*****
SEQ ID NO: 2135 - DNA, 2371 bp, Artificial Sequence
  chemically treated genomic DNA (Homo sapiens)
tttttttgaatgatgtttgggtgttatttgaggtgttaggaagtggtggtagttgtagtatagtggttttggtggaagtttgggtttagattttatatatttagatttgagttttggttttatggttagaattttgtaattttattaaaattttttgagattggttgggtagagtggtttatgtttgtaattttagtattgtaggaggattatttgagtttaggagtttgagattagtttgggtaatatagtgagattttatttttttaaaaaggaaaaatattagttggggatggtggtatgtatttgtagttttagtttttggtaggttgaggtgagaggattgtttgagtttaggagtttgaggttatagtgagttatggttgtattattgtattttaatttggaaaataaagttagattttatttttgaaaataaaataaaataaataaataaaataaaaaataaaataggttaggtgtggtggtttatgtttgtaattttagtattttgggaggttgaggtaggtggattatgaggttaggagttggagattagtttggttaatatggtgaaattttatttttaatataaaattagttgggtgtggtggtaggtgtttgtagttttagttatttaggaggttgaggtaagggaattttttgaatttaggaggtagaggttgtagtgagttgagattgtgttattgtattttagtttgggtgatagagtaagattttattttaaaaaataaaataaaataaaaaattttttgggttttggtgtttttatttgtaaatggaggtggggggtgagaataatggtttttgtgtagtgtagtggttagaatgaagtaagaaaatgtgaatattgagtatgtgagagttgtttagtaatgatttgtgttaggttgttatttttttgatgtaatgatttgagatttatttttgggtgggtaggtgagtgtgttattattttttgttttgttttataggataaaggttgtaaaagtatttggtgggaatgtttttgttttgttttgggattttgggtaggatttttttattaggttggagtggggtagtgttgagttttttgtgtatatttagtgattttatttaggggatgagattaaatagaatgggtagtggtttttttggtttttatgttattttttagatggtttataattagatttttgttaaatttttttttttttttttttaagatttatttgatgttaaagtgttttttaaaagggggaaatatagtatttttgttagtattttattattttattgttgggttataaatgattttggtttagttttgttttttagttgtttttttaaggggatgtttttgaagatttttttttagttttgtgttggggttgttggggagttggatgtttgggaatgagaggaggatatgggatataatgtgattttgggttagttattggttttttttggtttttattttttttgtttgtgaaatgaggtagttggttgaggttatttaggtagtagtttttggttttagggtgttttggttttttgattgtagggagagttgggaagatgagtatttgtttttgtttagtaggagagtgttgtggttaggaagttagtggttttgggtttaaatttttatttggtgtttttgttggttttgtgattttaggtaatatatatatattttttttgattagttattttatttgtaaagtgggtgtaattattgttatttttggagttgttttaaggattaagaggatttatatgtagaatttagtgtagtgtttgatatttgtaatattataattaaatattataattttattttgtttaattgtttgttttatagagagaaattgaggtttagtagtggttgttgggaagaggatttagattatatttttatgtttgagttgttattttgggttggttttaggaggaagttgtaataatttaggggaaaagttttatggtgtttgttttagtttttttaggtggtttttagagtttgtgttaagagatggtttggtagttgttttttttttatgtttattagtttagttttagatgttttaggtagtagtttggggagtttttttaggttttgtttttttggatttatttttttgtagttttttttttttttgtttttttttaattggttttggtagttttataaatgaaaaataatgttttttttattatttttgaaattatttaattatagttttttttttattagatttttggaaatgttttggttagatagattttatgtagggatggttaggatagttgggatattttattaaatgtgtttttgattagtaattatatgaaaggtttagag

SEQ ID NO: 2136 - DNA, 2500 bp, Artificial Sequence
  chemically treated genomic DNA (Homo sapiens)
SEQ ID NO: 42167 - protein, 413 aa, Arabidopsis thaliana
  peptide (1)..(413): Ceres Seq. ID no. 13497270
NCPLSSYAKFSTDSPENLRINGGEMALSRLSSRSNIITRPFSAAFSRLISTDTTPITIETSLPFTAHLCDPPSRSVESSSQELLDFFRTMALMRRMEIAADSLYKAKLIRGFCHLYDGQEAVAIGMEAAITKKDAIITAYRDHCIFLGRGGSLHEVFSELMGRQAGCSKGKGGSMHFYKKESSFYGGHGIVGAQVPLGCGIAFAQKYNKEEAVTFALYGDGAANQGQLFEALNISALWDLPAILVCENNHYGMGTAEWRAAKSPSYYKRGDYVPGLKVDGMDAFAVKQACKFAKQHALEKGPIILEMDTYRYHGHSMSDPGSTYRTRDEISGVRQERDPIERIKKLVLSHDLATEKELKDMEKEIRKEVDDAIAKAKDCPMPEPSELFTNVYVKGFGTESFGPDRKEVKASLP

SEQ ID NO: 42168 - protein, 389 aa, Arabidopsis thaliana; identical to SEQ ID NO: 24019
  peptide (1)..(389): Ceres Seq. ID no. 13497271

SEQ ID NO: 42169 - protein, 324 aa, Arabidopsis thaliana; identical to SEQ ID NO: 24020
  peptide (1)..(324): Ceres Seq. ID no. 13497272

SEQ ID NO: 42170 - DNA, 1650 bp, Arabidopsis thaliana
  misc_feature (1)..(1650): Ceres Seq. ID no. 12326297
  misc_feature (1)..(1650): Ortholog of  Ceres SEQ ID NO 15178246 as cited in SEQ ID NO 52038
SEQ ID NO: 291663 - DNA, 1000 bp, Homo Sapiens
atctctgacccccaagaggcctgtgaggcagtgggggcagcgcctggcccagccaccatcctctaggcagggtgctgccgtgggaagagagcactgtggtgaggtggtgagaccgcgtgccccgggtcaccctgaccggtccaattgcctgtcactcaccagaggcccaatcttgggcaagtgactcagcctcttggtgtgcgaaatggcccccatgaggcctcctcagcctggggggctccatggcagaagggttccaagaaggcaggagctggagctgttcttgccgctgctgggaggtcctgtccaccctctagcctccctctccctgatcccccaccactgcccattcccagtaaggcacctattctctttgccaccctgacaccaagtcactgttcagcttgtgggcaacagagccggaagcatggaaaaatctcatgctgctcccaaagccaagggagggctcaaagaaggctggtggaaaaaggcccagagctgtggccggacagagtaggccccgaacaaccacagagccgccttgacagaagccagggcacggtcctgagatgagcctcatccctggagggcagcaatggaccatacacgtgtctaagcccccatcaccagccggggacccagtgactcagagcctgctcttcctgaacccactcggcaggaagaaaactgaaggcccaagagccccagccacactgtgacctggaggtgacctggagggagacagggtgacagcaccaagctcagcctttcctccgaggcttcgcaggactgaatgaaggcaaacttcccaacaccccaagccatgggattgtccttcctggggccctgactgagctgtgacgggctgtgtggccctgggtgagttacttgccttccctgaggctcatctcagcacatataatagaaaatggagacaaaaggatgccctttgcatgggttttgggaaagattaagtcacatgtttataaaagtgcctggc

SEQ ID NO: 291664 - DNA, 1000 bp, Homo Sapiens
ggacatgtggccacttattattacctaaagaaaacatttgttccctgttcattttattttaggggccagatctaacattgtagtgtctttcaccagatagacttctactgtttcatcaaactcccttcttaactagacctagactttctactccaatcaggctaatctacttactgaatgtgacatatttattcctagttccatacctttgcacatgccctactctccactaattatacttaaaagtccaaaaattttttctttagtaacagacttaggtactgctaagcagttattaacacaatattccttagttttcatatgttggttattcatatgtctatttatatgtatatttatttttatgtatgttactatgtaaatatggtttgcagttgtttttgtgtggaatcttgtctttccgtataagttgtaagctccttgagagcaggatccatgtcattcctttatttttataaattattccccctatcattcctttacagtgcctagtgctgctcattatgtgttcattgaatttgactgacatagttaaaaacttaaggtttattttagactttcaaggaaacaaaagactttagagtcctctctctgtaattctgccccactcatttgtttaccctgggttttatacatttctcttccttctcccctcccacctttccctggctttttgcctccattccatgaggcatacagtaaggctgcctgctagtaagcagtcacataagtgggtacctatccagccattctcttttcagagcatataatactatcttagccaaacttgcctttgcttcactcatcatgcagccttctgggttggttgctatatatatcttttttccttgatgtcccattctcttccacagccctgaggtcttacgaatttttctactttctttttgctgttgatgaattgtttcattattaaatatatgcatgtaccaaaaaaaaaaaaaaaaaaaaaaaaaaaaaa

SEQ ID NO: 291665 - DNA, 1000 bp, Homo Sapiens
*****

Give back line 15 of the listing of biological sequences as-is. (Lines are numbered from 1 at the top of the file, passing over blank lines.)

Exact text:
  misc_feature (1)..(1650): Ortholog of  Ceres SEQ ID NO 15178246 as cited in SEQ ID NO 52038